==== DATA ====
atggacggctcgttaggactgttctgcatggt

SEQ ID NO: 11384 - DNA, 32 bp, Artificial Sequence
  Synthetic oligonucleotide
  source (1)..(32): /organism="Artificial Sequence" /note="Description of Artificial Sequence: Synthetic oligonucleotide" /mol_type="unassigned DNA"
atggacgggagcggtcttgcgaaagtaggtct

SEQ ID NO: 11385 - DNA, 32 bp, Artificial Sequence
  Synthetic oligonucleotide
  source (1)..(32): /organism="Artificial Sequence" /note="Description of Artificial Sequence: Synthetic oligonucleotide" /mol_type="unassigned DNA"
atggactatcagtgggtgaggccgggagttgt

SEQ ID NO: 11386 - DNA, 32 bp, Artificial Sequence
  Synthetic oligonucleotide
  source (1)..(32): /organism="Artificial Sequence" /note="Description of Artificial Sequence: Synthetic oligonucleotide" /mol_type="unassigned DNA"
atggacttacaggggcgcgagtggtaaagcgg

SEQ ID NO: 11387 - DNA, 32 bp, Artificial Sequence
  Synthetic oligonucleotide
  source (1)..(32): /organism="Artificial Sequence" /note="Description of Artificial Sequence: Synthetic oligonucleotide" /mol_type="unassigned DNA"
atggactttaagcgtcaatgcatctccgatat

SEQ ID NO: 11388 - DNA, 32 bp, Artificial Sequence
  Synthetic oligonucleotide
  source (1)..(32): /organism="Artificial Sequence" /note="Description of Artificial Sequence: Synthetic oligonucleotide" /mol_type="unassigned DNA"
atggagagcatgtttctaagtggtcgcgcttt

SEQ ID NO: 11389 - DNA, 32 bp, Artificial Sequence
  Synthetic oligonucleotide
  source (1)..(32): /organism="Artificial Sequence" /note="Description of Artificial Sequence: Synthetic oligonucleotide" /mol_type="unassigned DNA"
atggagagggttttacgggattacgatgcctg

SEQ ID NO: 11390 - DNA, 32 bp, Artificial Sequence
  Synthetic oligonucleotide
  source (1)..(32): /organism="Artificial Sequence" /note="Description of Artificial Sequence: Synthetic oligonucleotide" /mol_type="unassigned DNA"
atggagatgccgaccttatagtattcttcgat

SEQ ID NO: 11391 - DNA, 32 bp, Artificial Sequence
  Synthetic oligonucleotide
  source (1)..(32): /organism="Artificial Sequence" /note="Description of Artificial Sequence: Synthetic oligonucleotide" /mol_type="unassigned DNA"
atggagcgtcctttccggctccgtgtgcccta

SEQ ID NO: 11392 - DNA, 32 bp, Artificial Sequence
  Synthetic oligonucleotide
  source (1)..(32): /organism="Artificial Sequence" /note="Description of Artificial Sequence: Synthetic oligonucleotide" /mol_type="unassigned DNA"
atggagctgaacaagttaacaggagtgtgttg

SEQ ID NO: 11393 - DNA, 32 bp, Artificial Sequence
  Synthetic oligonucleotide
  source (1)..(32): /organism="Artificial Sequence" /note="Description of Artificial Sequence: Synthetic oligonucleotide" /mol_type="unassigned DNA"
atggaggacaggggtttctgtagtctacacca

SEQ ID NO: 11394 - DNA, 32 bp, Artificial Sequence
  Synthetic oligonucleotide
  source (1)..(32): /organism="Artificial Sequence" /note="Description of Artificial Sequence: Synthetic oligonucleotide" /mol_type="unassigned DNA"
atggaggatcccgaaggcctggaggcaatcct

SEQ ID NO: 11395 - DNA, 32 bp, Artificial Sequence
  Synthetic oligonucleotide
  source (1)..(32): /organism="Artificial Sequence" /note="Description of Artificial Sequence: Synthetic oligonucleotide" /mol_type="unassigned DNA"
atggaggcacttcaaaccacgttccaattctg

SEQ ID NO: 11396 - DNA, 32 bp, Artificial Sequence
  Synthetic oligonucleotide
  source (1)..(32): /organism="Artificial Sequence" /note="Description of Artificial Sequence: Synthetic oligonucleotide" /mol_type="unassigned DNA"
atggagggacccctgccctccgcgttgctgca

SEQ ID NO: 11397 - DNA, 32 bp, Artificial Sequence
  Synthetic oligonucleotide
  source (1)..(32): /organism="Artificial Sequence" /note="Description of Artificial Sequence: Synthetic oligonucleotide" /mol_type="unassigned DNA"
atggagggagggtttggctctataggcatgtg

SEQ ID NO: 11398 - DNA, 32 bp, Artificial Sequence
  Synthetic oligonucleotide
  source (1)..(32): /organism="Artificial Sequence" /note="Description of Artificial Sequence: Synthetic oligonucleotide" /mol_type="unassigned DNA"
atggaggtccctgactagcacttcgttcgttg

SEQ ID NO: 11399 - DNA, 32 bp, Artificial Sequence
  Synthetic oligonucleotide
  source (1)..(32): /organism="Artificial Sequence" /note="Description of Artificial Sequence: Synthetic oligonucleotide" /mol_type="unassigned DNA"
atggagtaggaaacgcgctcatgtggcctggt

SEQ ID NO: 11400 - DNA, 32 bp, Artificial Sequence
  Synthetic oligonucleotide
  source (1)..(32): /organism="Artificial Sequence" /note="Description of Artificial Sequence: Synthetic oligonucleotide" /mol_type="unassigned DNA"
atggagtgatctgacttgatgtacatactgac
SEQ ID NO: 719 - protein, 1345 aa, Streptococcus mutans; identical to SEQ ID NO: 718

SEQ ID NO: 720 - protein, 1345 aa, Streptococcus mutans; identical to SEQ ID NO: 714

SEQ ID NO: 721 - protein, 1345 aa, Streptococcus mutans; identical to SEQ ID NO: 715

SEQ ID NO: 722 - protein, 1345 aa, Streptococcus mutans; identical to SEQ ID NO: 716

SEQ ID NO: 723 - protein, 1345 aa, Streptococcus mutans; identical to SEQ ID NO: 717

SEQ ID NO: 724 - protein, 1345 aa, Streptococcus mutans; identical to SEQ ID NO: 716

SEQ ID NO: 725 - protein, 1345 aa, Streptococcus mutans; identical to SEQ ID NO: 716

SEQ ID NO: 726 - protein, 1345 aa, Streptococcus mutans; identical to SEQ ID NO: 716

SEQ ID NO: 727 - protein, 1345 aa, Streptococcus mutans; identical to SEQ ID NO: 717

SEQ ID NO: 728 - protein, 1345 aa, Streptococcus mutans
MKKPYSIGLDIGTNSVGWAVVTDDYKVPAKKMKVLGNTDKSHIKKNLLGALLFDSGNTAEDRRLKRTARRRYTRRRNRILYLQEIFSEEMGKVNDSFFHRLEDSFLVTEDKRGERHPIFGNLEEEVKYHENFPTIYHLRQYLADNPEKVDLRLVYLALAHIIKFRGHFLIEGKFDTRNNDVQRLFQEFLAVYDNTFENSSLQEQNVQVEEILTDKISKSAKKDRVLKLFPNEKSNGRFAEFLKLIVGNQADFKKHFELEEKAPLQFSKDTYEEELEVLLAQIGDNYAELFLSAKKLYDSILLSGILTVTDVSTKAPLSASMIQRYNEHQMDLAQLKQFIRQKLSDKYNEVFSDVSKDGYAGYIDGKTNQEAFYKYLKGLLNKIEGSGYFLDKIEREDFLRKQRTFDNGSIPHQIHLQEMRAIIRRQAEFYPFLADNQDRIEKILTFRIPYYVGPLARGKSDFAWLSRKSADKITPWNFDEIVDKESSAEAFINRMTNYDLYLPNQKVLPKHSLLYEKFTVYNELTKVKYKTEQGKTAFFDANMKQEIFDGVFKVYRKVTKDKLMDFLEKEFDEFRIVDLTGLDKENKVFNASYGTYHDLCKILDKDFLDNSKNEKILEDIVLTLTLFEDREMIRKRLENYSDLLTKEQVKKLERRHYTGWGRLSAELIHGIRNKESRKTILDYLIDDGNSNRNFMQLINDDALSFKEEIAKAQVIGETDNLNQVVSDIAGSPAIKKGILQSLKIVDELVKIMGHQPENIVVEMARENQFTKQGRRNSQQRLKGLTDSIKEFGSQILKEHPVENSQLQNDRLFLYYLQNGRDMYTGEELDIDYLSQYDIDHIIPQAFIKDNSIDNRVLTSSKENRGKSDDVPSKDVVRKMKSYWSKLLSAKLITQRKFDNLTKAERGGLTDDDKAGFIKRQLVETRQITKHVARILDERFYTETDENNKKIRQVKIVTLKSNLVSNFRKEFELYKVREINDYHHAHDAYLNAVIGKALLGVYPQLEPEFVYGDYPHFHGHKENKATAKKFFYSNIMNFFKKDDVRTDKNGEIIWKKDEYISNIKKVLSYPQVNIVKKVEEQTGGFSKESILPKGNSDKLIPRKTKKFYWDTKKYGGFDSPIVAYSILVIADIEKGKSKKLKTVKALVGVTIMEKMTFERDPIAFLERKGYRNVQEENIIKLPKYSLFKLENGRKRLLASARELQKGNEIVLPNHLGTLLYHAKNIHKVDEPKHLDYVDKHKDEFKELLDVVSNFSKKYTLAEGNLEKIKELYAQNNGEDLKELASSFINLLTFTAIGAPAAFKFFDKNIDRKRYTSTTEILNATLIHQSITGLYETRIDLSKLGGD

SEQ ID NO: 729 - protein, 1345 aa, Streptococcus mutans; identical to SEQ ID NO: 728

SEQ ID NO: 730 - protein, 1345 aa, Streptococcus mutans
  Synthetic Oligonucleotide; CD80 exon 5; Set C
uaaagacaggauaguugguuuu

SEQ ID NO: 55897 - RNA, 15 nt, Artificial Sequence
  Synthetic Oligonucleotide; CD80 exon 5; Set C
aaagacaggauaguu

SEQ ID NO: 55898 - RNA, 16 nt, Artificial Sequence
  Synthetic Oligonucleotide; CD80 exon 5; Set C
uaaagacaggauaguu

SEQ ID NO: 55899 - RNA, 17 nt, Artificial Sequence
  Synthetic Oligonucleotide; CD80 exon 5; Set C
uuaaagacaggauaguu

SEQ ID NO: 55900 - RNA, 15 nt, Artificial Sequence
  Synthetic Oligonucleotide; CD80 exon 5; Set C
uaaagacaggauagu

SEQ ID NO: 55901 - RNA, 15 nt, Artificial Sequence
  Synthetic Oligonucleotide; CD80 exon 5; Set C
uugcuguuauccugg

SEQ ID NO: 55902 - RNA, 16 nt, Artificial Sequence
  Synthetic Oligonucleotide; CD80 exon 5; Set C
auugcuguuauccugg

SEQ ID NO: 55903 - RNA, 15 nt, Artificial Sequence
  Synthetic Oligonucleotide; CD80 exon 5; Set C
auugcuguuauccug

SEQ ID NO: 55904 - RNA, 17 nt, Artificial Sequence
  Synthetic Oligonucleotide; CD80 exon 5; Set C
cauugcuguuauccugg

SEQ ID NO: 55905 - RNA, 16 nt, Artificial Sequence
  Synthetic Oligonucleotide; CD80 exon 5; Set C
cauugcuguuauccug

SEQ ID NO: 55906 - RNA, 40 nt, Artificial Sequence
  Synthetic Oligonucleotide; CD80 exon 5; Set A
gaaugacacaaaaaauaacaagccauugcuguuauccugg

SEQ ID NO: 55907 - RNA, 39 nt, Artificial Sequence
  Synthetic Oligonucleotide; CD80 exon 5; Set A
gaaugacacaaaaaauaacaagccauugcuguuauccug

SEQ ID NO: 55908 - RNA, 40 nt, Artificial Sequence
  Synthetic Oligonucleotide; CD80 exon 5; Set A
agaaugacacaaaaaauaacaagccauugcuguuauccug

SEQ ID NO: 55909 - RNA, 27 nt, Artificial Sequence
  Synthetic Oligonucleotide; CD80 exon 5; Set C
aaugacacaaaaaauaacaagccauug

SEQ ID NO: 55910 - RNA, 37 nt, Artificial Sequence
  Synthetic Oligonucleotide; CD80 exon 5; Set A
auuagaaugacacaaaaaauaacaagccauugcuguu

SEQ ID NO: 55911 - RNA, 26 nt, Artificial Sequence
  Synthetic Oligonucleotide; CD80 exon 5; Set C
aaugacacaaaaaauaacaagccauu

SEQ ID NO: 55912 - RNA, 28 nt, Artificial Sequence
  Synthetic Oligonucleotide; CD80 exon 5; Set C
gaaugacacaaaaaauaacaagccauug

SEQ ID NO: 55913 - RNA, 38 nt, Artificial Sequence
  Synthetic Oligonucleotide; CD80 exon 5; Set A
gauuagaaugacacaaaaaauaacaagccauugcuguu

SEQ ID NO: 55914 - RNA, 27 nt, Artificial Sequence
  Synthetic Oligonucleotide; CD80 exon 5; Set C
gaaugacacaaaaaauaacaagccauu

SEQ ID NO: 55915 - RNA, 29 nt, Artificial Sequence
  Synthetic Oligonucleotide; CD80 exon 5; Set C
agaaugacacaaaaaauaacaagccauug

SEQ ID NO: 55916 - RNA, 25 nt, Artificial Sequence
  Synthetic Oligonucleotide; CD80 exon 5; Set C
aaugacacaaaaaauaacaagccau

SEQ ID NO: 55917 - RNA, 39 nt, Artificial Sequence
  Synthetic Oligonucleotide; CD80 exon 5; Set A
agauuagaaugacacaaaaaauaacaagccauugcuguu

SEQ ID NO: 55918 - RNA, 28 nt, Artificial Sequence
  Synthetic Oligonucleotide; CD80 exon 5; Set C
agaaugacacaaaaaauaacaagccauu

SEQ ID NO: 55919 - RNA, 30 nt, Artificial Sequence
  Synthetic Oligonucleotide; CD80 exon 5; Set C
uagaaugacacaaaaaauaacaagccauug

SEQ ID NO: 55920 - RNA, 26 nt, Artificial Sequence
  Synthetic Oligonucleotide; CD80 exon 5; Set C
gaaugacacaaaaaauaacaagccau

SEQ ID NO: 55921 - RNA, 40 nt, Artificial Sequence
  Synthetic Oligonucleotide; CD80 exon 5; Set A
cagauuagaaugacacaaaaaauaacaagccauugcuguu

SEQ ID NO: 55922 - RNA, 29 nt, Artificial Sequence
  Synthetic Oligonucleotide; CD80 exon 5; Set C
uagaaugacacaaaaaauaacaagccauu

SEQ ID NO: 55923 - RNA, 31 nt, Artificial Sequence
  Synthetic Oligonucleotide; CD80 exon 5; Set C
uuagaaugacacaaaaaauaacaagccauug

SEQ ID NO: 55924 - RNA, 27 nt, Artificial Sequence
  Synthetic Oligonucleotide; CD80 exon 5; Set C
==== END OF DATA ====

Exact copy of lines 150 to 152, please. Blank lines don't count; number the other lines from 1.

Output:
agaaugacacaaaaaauaacaagccauu

SEQ ID NO: 55919 - RNA, 30 nt, Artificial Sequence
  Synthetic Oligonucleotide; CD80 exon 5; Set C